On June 28, 2013 by Sarah Lewis
Horses are great levelers, and I was certainly properly leveled by the end of last week. The Wednesday of the Derby show started with the usual 5 am start as Biscuit was in the first class in ring 2 – the Foxhunter which is a qualifier for the main ring on Thursday. Biscuit jumped a really good round, just having one fence down where I got a a little bit close, and then with 192 in the class it was a long wait for Ferro’s Grade C qualifier. The course walked quite big and I think my first mistake was to move my number down the order to give myself more time to get ready, I think what I actually ended up with was too much time to think about it. Ferro jumped the first three fences beautifully and I then made a mistake at fence four, a big oxer, but this was rectified and she jumped the next fence really well, and we approached the combination on a really good committed stride. Unfortunately she had the tiniest think on take-off causing her to land on the back rail and eject me straight out of the saddle and splat onto the ground. I was upset with myself and think that perhaps sometimes I feel under too much pressure jumping these bigger classes. Having discussed the situation with Shane and David Simpson we decided that David would ride her for the rest of the week to make sure she was really confident. She jumped really beautifully for David finishing with a really good round in the 1.35 open on Saturday. It was good for me to see how really easy she made it look, and hopefully I will ride her less like a mad woman now and we will both find it easier. I finished the day with a really lovely double clear on Emma in the six year old warm up class. She started a little bit green, but jumped better and better as she went round.
The next day had a slow start as my first up was Emma in the six year old qualifier. When I walked the course I thought it was a pretty strong test for us both, with a very big combination as the first fence in the jump-off. However she really rose to the challenge and by the end of the course I felt that I would have been happy to jump her in the main ring. Sadly she was not quick enough to qualify, but she is only six, and a little bit of a hot-head, and certainly doesn’t need to be galloped anywhere at the moment. David jumped Ferro in the 1.25 and I then jumped Biscuit in the Foxhunter in ring 5. Some horses find this a spooky ring but she was fabulous. She is such a genuine and brave mare and seems to do everything with a smile on her face.
On Friday I started with Biscuit in a Foxhunter in Ring 3 where unfortunately she had a spook at the water jump. This is an especially strong permanent water under the trees and I shouldn’t have taken her for granted. She jumped it well, if rather huge, second time and finished the course really well. Ferro jumped a spectacular round in the 1.25 with David to be placed, and sadly the Foxhunter was over by the time I managed to get Emma ready. In fact this worked in my favour as she got worked hard in the warm up without jumping, which was very good for her and paid off the next day when she came out not presuming that she was going to jump, and not only worked in calmly, but also was very rideable and jumped a very good round in the Foxhunter on the all-weather. Poor Biscuit was not quite so lucky on Saturday, as some particularly pathetic riding from me in the torrential rain let her spook at the horrible water jump. She then slipped into the water tray and her legs shot out from underneath her so that she was then stuck on her side in the water tray and couldn’t get any purchase with her feet on the very slippery plastic so couldn’t get up. She had jumped beautifully to that point and it was a very poor reward for her to have a really bad fright. I jumped her over a few little practice fences, and have since constructed several water fences at home which she has jumped without a single backward thought, so hopefully she is none the worse.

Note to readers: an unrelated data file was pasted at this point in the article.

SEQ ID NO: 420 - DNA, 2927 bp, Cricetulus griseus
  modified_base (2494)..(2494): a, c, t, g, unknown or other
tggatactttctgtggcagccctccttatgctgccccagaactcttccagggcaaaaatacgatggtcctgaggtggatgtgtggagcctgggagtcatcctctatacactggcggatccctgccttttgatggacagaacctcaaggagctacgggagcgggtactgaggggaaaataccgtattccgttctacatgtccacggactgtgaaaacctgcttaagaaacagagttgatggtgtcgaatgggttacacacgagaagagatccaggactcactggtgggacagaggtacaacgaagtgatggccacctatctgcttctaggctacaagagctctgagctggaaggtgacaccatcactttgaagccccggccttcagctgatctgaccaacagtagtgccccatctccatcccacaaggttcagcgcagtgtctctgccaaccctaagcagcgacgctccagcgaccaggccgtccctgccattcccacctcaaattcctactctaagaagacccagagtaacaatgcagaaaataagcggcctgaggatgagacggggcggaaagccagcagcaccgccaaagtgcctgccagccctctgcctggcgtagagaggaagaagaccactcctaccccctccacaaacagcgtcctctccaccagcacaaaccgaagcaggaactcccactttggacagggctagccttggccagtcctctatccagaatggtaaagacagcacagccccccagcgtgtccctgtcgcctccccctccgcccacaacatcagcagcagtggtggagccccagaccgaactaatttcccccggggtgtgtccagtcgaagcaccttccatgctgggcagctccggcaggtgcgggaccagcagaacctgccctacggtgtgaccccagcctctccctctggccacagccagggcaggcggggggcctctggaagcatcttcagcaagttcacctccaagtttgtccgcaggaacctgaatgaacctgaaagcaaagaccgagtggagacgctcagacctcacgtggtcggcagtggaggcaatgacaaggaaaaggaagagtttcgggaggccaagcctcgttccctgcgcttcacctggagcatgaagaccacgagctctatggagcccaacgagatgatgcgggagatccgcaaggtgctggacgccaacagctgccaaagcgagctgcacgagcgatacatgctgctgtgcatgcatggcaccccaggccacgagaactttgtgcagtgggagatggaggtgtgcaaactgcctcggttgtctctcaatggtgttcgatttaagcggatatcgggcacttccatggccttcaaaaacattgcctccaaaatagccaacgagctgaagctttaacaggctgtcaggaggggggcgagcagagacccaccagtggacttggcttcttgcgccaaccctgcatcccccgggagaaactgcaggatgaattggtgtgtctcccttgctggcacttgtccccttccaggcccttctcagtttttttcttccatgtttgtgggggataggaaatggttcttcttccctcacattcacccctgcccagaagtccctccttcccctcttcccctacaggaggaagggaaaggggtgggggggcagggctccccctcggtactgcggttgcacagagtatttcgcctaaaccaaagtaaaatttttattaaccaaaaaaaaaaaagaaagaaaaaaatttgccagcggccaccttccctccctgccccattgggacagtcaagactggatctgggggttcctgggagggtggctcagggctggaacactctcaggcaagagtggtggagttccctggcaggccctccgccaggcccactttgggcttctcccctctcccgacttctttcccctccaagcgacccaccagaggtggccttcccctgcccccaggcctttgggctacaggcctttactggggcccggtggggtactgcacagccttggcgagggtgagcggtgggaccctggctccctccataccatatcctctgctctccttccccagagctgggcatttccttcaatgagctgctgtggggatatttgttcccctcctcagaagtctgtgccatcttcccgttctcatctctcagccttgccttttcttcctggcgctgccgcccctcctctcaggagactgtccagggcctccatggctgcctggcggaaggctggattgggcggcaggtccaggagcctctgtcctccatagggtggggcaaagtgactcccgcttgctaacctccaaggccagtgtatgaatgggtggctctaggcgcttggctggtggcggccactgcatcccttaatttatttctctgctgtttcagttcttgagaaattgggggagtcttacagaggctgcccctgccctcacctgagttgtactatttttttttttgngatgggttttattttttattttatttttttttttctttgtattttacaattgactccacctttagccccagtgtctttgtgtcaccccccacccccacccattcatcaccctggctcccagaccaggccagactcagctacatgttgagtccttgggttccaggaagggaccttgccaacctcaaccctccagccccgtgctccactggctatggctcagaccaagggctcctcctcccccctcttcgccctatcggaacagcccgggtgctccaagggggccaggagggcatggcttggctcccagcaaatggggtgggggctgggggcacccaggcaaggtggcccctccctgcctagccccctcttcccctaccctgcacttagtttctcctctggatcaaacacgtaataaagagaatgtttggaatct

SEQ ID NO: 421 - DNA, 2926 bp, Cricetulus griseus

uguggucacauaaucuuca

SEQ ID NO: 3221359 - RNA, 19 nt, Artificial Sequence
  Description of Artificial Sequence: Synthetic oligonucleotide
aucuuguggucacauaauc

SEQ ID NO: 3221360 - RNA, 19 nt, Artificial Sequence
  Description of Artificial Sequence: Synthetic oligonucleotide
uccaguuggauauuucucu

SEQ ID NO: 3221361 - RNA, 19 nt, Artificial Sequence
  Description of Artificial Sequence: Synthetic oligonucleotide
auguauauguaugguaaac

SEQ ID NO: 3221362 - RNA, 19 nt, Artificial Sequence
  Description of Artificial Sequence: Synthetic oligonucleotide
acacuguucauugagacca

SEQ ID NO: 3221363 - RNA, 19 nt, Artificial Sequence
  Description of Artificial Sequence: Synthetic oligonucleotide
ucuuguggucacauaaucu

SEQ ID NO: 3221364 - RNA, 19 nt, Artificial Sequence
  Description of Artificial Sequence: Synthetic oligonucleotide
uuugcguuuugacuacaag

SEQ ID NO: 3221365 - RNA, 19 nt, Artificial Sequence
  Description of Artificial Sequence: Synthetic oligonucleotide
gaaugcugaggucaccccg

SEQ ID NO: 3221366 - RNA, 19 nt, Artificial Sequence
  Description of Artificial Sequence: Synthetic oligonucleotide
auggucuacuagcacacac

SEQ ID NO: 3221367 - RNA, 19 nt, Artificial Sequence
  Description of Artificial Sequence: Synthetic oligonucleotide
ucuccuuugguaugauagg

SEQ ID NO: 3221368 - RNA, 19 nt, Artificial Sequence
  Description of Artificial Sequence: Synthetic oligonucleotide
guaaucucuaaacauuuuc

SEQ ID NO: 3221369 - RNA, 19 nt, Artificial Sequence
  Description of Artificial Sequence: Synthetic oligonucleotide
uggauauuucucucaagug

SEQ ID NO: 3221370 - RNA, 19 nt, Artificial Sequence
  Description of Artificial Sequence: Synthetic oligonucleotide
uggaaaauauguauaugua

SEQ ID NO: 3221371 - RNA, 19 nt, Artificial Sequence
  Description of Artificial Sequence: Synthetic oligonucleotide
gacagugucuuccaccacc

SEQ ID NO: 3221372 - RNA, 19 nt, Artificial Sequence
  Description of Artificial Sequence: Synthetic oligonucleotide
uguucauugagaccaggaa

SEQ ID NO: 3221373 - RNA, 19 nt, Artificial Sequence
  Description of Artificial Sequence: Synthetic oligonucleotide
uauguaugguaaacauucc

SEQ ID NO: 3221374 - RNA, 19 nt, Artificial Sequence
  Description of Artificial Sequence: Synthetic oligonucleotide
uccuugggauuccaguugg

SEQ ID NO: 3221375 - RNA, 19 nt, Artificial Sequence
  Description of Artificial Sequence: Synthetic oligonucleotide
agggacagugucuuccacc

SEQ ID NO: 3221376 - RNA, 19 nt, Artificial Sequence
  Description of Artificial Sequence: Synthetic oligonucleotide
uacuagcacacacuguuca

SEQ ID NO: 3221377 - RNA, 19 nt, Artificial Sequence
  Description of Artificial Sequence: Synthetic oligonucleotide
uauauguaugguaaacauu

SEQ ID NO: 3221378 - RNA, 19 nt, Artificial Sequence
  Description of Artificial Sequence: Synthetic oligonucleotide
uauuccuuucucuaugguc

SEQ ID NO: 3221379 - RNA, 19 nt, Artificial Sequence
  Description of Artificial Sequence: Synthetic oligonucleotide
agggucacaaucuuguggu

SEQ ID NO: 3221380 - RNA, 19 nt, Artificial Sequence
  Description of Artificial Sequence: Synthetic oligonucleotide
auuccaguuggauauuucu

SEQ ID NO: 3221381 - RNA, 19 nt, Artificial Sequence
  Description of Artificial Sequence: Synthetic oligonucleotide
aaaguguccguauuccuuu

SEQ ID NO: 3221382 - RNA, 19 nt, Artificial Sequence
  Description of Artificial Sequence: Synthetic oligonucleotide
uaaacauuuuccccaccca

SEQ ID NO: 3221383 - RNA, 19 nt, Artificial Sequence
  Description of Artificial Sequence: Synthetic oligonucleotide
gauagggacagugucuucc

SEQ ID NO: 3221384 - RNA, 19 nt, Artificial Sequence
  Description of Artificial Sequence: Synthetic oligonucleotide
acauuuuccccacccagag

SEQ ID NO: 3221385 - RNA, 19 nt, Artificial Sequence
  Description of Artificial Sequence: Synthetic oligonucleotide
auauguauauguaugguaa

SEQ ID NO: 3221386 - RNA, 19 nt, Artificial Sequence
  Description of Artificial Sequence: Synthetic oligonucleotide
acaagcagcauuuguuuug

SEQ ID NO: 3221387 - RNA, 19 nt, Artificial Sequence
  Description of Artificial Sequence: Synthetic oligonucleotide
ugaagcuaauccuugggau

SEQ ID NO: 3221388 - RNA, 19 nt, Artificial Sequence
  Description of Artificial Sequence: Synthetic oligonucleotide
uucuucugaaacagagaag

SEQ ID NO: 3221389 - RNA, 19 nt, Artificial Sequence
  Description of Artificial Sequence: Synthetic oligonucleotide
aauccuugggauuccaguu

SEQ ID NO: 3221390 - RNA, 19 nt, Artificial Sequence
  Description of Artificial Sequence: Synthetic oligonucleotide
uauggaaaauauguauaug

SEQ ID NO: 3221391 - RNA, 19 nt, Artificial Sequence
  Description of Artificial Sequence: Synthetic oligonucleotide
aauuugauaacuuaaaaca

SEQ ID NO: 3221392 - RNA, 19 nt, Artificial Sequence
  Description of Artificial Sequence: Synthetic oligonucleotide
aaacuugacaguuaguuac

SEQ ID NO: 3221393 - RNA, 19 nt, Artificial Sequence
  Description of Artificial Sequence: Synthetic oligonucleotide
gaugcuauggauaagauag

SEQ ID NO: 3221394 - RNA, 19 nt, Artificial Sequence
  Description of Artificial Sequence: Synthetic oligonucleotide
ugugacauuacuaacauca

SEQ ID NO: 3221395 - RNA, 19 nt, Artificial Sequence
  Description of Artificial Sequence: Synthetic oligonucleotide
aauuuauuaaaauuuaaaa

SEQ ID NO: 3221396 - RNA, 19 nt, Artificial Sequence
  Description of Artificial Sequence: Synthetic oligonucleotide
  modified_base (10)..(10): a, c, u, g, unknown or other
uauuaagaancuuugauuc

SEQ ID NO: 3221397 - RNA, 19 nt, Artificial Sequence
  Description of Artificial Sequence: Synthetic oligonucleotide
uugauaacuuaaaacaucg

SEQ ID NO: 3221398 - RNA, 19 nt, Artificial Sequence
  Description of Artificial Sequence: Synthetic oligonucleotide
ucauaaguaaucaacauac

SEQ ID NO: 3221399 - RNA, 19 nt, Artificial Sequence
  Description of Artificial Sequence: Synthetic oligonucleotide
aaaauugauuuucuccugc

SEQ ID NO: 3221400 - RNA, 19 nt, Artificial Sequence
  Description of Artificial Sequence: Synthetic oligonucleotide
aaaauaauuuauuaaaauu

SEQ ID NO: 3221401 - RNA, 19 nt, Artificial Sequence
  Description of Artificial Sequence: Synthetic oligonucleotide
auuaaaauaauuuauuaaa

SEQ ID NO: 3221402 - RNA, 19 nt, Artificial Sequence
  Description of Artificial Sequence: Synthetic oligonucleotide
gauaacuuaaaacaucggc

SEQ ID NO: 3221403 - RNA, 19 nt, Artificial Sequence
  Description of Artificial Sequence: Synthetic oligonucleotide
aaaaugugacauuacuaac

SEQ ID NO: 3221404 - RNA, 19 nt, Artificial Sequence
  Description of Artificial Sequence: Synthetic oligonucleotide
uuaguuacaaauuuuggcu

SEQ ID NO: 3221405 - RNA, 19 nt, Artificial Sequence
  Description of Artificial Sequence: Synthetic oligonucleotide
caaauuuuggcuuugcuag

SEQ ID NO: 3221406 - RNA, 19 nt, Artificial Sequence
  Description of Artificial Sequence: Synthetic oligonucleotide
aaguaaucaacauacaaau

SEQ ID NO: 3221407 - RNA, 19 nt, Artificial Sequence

Luckily I still had Emma to ride and although she also found the distance to the water awkward she is so confident in herself that she just hopped over it. Malcolm Pyrah had observed that I was seeming to drive Emma with my seat, something Shane has also commented on with Ferro, so I am now trying really hard to ride more like an American with a light seat and just squeeze with my legs. I think this fault has a couple of origins. The worst one being that I do it when I feel a bit desperate – which must make the horses feel really desperate! and the other being that I used to be a bit too forward between the fences and so have worked really hard on sitting up more, perhaps ending up going too much the other way. The answer is lots of practice at doing it the right way – “practice makes permanence” so you have to practice doing it the right way enough to override the memories of doing it wrong. Certainly I could feel with Emma on the last day that keeping her under me, rather than in front of me, made it easier to contain her and keep her in a more even rhythm.
Nothing can take away from what a fabulous show the Derby meeting is. Both the Speed Derby and the Derby itself threw up the usual surprises and poignant results. It was wonderful that Shane and Trevor Breen enjoyed so much success at the show having lost their beloved mother, Mary, on the preceding Friday, and what a very special and long awaited triumph for Phillip Miller in the Derby – an immaculate clear round in the pouring rain – very British! I also had the added thrill of meeting Deborah Meaden on the Thursday of Hickstead. What a very nice lady – and totally agrees with me that nobody over the age of two and a half should wear a onesie – unless perhaps you happen to be a show pony!